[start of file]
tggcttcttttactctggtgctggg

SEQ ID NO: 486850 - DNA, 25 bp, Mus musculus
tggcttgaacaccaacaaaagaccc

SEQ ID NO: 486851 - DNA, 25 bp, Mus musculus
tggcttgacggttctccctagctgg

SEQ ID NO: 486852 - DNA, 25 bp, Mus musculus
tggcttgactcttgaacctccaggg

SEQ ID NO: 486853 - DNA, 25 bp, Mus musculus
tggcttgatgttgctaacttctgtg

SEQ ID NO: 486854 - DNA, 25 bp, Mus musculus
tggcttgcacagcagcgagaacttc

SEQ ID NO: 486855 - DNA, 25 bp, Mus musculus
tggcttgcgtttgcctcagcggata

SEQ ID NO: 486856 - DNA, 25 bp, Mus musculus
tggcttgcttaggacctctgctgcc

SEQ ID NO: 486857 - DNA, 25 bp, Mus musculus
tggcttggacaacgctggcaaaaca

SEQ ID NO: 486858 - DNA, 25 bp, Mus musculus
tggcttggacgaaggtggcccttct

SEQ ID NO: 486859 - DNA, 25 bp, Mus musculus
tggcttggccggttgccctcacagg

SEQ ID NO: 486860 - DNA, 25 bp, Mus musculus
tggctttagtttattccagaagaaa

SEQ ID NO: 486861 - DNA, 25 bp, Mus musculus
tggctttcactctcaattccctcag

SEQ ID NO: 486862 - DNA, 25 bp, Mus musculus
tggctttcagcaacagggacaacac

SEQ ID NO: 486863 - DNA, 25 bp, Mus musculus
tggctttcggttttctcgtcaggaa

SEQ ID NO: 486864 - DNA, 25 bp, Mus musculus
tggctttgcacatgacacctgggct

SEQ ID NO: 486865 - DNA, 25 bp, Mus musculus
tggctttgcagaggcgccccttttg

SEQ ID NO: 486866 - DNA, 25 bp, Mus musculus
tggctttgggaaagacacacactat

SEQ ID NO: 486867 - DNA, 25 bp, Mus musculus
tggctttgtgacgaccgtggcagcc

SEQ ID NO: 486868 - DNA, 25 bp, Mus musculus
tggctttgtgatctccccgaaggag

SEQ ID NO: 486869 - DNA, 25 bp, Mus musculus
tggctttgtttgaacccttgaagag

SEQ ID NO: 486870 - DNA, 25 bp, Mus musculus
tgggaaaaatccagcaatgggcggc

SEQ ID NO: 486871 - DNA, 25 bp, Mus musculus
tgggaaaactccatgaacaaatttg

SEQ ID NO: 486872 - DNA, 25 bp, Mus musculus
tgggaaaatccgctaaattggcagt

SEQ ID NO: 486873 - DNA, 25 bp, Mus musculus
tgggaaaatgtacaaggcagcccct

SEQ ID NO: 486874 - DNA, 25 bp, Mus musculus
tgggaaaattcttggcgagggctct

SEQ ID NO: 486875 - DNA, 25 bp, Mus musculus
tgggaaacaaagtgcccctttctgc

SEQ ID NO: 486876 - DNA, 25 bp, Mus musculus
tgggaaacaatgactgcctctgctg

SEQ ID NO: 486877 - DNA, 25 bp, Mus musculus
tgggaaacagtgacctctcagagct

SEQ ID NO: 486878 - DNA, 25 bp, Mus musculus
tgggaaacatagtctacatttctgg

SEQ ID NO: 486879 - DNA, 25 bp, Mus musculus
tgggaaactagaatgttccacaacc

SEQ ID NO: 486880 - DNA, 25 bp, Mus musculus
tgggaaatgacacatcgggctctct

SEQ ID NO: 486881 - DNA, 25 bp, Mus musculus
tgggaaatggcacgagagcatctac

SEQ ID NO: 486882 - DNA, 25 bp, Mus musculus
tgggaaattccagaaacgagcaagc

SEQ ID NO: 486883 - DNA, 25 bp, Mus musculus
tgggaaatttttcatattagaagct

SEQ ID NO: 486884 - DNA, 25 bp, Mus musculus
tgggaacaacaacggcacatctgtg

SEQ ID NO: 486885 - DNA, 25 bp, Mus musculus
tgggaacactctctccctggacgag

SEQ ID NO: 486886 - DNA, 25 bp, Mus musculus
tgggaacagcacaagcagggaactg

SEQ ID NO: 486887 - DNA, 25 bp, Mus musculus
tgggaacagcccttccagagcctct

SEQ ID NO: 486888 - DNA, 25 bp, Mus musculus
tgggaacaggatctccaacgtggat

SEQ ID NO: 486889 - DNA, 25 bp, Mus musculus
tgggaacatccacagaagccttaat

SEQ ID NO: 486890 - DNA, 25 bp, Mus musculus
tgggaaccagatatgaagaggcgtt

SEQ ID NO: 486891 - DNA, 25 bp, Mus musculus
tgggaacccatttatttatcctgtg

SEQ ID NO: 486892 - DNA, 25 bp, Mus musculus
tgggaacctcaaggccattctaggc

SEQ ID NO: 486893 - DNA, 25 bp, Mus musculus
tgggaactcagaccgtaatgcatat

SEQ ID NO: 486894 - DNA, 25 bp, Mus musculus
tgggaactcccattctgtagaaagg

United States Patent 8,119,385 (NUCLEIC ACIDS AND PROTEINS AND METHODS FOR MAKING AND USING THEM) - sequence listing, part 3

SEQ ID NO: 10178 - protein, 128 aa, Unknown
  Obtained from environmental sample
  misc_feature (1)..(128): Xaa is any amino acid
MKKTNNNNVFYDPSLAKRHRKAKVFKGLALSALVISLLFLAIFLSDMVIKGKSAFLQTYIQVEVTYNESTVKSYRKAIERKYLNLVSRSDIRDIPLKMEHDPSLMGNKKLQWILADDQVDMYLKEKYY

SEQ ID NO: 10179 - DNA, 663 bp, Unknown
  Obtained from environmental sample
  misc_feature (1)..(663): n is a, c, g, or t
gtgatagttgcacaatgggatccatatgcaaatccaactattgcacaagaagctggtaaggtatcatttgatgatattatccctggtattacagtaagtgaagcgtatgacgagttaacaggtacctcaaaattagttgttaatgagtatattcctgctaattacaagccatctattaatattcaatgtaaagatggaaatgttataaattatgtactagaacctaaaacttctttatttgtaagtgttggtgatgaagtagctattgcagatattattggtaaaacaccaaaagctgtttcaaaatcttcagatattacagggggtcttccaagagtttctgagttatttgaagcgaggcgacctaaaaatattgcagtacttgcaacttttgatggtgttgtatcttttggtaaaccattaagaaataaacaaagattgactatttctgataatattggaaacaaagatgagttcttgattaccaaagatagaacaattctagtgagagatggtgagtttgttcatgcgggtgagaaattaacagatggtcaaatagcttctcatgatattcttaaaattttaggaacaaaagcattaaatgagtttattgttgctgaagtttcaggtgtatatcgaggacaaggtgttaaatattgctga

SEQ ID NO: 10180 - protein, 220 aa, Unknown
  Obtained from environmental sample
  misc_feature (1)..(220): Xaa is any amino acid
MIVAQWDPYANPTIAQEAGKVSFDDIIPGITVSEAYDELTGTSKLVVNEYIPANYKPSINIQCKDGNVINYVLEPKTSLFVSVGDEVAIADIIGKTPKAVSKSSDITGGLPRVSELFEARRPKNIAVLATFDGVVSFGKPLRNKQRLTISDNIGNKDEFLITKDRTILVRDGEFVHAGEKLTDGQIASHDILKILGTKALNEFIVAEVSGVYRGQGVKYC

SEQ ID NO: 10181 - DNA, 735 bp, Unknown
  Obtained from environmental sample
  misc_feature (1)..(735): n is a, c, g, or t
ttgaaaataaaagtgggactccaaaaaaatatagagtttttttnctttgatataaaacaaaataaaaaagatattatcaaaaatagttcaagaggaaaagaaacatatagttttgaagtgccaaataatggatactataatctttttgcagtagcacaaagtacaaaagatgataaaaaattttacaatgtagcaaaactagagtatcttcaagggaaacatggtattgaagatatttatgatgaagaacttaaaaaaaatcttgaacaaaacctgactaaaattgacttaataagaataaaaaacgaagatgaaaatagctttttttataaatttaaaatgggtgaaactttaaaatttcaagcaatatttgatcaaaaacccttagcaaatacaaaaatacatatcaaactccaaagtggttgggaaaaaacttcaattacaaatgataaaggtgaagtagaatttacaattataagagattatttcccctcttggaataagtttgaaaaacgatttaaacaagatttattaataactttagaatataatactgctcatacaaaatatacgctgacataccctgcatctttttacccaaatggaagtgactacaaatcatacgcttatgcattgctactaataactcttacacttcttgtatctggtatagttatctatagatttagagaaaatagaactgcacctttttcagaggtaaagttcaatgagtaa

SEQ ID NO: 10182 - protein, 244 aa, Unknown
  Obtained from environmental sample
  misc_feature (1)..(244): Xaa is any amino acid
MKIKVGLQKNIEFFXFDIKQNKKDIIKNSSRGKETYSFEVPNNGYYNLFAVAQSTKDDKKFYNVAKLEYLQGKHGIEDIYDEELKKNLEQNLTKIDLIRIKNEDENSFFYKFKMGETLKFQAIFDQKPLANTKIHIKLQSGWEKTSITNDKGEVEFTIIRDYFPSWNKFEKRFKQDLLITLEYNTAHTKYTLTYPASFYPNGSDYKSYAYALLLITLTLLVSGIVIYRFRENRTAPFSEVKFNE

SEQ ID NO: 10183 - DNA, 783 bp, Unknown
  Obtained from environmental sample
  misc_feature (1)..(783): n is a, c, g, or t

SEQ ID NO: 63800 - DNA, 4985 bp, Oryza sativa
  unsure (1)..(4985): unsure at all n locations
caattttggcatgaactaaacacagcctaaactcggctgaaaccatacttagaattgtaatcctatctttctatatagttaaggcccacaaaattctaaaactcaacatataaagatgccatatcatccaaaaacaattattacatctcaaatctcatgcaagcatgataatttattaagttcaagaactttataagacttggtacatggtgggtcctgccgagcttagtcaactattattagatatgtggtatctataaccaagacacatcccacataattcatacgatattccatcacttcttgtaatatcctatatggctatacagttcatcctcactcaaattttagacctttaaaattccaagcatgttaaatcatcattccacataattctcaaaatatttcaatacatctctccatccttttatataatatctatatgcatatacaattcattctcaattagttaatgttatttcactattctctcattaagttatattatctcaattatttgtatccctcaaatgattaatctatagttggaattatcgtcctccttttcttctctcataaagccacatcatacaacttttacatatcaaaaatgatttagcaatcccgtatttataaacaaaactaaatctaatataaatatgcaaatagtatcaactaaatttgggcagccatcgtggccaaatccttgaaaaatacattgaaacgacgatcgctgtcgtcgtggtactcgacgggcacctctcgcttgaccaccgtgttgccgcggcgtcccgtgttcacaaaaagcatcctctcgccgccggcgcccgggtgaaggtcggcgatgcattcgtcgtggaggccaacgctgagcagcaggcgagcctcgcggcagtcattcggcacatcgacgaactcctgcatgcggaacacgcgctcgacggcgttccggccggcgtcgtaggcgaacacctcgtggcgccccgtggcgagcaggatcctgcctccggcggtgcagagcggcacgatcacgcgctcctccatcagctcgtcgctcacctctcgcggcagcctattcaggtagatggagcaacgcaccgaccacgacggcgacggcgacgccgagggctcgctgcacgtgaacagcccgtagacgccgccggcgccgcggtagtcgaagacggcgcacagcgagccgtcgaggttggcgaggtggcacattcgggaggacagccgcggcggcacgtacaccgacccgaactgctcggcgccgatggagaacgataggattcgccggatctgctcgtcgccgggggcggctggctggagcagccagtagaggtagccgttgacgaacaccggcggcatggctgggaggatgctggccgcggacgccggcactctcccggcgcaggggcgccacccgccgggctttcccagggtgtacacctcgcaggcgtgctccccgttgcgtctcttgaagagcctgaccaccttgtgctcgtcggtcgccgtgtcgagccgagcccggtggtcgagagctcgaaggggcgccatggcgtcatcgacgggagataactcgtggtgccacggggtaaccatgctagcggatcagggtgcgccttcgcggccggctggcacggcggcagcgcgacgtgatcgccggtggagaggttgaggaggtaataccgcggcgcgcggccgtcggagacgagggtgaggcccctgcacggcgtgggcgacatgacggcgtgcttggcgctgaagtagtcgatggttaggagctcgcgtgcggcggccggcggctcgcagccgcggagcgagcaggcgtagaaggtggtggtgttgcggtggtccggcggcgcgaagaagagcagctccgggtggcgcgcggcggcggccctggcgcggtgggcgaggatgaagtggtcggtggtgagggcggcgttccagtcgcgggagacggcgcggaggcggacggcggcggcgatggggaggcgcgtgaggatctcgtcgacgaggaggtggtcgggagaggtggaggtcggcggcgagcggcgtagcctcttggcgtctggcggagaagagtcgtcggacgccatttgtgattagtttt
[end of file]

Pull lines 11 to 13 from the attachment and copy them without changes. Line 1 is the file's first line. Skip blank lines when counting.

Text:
tggcttgcacagcagcgagaacttc

SEQ ID NO: 486855 - DNA, 25 bp, Mus musculus
tggcttgcgtttgcctcagcggata